For the past six months, he said, he has risen at 4:45 a.m. to run six kilometers and meditate before eight hours daily of welding different joints.

His tasks in Abu Dhabi would be an array of joints, ranging from perpendicular "fillets" to circular pipes to a "pressure vessel" welded from four positions that needed to hold 1,000 pounds of air pressure for a minute.

This year's contest was the largest so far, with about 10,000 people participating, including coaches, trainers, skill experts, government officials and corporate sponsors. Some 100,000 spectators -- including busloads of school children -- milled among competitions across the four days.

Ms. Baker, the baker, qualified by winning the bakery crown of her state of Alaska and then the U.S. national title. She practiced nearly daily for more than six months on bread-making techniques including, when necessary, how to "crash-laminate" croissant dough -- chilling it quickly when one isn't able to do it slowly overnight.

That knowledge came in handy when she fell behind in Abu Dhabi. She "blast chilled" dough in an ultracold freezer to make up time while baking 15 croissants.

Like an Olympics star, she was under the close eye of her coach. "Did you hydrate the cranberries?" fretted her coach, Kellie Puff, during one task. "Don't worry," Ms. Baker replied, "they weren't too hard."

As the contest played out into its fourth day, tensions were high. For Ms. Hoveling, the store-window designer, it had been grueling. The materials for one task, secret from competitors until the start, included a plastic pear and mango, fake flowers and the products: a bright-red women's handbag and backpack.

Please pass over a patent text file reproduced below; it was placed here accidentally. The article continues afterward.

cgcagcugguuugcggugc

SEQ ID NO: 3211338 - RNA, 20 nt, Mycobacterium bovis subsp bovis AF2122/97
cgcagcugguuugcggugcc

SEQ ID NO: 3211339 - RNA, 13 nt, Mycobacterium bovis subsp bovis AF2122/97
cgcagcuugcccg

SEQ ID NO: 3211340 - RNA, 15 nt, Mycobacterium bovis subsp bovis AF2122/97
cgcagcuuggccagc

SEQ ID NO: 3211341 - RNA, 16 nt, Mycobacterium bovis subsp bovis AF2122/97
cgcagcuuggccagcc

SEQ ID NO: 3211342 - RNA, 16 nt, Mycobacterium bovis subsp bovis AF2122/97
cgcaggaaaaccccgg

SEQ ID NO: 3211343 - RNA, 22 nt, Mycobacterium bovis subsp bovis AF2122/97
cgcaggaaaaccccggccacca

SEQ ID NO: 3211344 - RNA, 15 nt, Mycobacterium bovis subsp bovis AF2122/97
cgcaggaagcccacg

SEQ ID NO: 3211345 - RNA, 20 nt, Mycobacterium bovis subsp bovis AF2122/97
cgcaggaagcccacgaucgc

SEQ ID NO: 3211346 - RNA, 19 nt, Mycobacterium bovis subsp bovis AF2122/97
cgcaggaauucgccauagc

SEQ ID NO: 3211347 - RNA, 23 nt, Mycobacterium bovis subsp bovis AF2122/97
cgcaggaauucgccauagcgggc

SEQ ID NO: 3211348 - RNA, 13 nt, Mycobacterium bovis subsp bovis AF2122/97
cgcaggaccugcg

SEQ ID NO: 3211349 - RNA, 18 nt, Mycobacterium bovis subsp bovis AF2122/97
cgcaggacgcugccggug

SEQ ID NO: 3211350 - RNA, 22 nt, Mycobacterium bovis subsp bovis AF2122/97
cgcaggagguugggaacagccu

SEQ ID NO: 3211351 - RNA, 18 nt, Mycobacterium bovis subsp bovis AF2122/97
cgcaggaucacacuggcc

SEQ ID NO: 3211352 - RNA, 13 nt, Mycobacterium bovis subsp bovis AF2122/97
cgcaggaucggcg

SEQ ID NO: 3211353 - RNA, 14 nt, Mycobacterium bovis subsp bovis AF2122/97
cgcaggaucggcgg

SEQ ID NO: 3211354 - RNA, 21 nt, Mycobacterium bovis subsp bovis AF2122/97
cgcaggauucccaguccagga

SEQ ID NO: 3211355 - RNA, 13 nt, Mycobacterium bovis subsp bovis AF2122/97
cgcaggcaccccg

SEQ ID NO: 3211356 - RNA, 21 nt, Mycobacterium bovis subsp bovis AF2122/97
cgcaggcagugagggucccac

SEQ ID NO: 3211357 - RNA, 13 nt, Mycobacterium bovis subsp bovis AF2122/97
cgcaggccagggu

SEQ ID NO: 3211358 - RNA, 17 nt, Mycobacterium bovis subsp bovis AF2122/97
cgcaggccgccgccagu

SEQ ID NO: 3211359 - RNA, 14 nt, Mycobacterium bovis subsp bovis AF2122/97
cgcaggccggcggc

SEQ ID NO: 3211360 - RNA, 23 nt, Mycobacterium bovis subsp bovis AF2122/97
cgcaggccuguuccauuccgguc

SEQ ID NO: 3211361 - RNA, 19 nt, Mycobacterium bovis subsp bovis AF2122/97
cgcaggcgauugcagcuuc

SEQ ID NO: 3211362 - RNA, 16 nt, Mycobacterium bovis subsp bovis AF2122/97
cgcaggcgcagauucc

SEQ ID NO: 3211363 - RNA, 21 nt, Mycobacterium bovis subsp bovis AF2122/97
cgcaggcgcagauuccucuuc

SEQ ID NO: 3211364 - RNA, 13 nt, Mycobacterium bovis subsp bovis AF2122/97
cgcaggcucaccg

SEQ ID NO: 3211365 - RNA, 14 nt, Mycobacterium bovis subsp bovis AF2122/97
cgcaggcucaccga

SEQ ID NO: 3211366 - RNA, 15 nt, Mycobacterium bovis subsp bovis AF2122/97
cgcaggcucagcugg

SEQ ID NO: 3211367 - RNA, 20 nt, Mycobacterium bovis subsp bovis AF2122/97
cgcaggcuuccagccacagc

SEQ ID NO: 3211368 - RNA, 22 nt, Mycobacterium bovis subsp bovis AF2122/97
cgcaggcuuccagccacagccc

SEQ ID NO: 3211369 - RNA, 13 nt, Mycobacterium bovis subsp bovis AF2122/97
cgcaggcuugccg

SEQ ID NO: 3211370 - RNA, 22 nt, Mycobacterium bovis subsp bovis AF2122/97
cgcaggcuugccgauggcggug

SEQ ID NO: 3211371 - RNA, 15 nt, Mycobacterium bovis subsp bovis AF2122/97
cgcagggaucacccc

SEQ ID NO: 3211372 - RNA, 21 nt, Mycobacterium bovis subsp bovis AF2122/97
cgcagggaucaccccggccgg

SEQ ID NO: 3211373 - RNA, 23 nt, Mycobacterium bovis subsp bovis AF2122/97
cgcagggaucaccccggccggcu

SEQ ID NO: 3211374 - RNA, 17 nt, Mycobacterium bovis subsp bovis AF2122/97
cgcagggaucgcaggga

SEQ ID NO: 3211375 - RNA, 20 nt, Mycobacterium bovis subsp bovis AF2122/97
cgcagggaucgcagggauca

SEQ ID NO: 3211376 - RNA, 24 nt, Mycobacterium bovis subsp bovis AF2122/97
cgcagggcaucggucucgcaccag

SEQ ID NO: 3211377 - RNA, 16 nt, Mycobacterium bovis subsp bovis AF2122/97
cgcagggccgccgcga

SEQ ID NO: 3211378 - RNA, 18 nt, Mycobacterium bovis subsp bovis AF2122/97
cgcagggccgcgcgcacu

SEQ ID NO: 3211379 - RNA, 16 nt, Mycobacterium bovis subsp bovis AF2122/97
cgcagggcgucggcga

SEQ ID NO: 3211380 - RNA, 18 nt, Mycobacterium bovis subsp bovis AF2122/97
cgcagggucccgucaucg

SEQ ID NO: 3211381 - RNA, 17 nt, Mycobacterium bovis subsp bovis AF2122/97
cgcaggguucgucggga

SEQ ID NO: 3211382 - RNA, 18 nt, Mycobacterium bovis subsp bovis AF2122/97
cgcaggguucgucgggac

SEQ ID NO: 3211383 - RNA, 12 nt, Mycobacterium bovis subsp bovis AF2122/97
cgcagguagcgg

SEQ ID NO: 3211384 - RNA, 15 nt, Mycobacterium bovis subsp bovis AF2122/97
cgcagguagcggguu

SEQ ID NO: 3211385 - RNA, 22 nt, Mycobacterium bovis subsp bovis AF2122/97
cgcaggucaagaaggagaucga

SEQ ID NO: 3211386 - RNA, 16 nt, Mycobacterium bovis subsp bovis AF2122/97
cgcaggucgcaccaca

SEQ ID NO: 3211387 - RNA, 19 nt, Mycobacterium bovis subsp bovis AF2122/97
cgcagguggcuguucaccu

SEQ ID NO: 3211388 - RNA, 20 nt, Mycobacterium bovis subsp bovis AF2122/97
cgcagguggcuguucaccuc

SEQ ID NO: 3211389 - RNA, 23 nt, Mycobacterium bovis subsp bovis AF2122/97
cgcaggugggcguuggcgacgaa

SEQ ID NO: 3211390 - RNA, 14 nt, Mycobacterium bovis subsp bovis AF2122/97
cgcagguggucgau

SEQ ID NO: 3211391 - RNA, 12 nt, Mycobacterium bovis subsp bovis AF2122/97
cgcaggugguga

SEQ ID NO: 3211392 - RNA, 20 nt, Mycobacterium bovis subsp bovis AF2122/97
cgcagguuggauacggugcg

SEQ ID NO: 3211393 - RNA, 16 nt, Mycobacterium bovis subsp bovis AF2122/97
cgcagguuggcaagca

Armed with paints, a step ladder, drills, hammer, screwdriver, rulers and an Apple computer, she set to work.

She had spent thousands of hours practicing the technical skills of window display. "She's fanatical," said her father, Alex Hoveling, watching from the sidelines.

Seventeen hours, 59 minutes and 50 seconds of competition later, Ms. Hoveling put final touches on her display as the crowd counted down along with a large timing clock on the wall: "...10...9...8...."

On went a heat-protection glove for an adjustment to the light. "...3...2..."

A last quick fiddle to smooth a wrinkle in the fabric runner, and she pulled back her hand as the clock hit zero. A crowd gathered around the competitors and erupted in cheers.

Teams of experts gathered through the evening to add up scores and determine winners.

Ms. Hoveling's performance turned out to be good for gold. The next night on the podium, she accepted the medal, jumping up and down draped in the flag of the Netherlands.

"I'm so happy," she said in the winner's circle. The key to her victory: "Work very hard and believe in yourself."

Mr. Savant placed 24th of 34 in welding. Ms. Baker finished 12th of 34.

Despite the disappointment of seeing her bread centerpiece wilt in Abu Dhabi's climate -- conditions she said she had never encountered baking in Alaska or California -- Ms. Baker was thrilled to have taken part. "It was a mind blowing experience."

Write to Bill Spindle at bill.spindle@wsj.com

ABU DHABI -- The finalists in the arena were ready for their starting signals.

On your marks. Get set. Weld!

And bake, dress hair, repair planes, lay tile, design clothes, code software and forward freight.

That's what 1,253 men and women aged 22 and under set off to do after their start signals at the 44th world championship of vocational skills earlier this month known as WorldSkills.